The Carnegie Endowment argues that Qatar’s desire to increases its influence in the region has been disastrous.  They note, “Qatar has long pursued a foreign policy that is both expansionist and pragmatic. In a bid to claim a greater regional role, the tiny Gulf state has relied on picking winners, riding political trends, and engaging with multiple actors, even volatile ones like jihadist groups.  Its foreign policy activities have evolved from focusing on mediation between conflicting parties to direct funding and training of military groups.  But since the start of the Arab uprisings in 2011, Qatari foreign policy has been plagued by miscalculations, domestic challenges, and international pressure—all of which, to a significant degree, are connected to Qatar’s relationship with it main regional rival, Saudi Arabia.  As a result, Qatar’s regional role has entered a new, diminished phase…As a result of those external and domestic pressures on Qatar, Saudi Arabia has been able to bring Doha back into its orbit. But although this is a loss for Qatar’s regional ambitions, it is not a gain for Saudi Arabia. The Saudi-Qatari rivalry has damaged both Gulf countries’ degree of external power and increased levels of instability in the Middle East. Looking ahead, Qatar’s will and ability to overcome its rivalry with Saudi Arabia when addressing mutual challenges will be key to its regional influence.”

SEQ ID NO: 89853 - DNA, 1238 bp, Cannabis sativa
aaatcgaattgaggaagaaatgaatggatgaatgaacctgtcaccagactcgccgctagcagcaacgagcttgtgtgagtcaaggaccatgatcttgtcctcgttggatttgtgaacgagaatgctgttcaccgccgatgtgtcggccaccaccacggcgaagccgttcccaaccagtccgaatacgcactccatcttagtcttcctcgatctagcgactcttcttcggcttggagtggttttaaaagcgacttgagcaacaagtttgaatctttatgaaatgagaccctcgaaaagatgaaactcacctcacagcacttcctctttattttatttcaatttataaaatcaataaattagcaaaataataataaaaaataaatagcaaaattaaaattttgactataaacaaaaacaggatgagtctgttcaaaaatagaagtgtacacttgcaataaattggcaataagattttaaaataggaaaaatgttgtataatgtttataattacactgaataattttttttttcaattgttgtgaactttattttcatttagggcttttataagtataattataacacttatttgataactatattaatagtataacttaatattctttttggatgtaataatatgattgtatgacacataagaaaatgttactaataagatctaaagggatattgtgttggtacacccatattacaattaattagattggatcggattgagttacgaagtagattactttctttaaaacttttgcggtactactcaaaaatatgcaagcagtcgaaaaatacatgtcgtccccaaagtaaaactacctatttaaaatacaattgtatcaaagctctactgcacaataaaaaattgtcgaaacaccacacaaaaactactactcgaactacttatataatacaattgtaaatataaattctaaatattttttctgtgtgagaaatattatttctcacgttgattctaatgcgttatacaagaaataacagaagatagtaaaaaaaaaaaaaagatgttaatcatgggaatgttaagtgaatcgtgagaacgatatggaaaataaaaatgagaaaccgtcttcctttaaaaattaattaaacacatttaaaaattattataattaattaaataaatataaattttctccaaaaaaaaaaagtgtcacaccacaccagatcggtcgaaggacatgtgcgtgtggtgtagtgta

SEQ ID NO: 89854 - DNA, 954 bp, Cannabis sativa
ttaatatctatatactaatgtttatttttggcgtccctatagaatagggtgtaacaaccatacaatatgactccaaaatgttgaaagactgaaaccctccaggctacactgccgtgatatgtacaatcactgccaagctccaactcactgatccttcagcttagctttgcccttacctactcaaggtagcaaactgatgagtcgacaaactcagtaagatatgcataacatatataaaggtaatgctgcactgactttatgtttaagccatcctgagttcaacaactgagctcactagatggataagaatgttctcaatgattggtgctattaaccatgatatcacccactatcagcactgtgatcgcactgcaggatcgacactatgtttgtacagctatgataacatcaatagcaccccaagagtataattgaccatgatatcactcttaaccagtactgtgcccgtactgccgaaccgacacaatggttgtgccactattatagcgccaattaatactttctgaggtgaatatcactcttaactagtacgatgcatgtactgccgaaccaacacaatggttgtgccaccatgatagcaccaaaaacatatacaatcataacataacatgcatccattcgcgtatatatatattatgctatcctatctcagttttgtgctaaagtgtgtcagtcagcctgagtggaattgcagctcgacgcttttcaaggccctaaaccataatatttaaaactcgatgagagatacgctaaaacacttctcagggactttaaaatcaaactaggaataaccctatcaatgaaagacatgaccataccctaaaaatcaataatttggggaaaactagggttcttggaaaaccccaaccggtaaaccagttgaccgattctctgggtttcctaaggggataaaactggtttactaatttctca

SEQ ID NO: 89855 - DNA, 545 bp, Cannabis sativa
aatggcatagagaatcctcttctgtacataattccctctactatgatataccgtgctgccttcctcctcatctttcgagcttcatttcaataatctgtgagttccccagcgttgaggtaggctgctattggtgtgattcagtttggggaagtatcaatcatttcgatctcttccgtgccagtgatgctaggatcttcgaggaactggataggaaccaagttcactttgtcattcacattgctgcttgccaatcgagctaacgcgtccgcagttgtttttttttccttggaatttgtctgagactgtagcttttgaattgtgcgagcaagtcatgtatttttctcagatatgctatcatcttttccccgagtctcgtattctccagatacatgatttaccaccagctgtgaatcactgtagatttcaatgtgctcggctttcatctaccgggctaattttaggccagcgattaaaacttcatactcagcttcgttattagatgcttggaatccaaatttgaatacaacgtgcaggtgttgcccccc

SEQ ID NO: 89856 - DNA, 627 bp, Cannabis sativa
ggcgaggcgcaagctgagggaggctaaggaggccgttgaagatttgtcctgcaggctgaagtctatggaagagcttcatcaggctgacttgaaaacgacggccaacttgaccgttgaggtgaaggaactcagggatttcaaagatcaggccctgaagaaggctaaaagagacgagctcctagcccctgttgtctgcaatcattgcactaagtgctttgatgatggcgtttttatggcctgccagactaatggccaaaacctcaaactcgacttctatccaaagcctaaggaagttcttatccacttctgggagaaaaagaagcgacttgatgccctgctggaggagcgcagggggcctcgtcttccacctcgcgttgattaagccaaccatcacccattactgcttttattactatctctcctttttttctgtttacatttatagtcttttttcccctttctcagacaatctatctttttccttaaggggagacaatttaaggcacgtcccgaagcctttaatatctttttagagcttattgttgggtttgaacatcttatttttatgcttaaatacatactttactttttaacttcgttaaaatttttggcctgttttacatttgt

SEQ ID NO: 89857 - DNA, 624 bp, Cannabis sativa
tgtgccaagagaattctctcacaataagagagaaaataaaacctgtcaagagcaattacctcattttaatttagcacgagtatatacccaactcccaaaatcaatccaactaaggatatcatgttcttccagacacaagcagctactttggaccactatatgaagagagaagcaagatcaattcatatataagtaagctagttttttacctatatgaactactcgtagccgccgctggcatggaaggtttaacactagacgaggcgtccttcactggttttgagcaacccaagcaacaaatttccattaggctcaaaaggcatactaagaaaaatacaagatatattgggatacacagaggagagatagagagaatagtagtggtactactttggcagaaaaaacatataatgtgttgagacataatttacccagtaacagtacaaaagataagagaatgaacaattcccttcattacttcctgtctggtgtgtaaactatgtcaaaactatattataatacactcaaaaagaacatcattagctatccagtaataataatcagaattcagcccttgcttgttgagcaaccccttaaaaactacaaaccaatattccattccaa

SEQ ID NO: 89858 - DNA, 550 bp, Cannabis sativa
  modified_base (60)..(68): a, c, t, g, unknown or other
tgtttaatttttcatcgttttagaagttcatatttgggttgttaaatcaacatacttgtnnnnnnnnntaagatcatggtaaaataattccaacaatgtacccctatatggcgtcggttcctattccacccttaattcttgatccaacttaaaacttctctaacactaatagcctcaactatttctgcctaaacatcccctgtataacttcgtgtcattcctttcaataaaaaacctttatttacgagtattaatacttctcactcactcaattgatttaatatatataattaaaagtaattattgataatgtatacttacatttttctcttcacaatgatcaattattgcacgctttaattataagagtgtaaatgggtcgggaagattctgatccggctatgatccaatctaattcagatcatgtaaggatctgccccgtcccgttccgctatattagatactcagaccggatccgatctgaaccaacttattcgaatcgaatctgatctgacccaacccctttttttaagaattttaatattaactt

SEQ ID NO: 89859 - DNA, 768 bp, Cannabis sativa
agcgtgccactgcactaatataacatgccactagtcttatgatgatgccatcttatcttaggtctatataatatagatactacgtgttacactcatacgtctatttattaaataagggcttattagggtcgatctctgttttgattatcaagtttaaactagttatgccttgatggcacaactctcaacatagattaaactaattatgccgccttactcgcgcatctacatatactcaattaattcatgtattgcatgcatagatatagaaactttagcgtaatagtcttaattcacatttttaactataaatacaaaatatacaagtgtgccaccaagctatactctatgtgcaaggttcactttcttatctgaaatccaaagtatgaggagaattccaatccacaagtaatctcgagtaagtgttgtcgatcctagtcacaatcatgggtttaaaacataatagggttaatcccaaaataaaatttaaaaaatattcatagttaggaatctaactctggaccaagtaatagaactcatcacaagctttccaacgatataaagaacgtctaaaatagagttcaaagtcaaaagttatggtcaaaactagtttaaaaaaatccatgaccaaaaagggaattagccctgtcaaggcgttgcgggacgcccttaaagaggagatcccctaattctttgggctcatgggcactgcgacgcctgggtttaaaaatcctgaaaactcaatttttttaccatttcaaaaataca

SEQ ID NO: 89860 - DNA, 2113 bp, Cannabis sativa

America Responds to ISIS

Strategy or Political Cover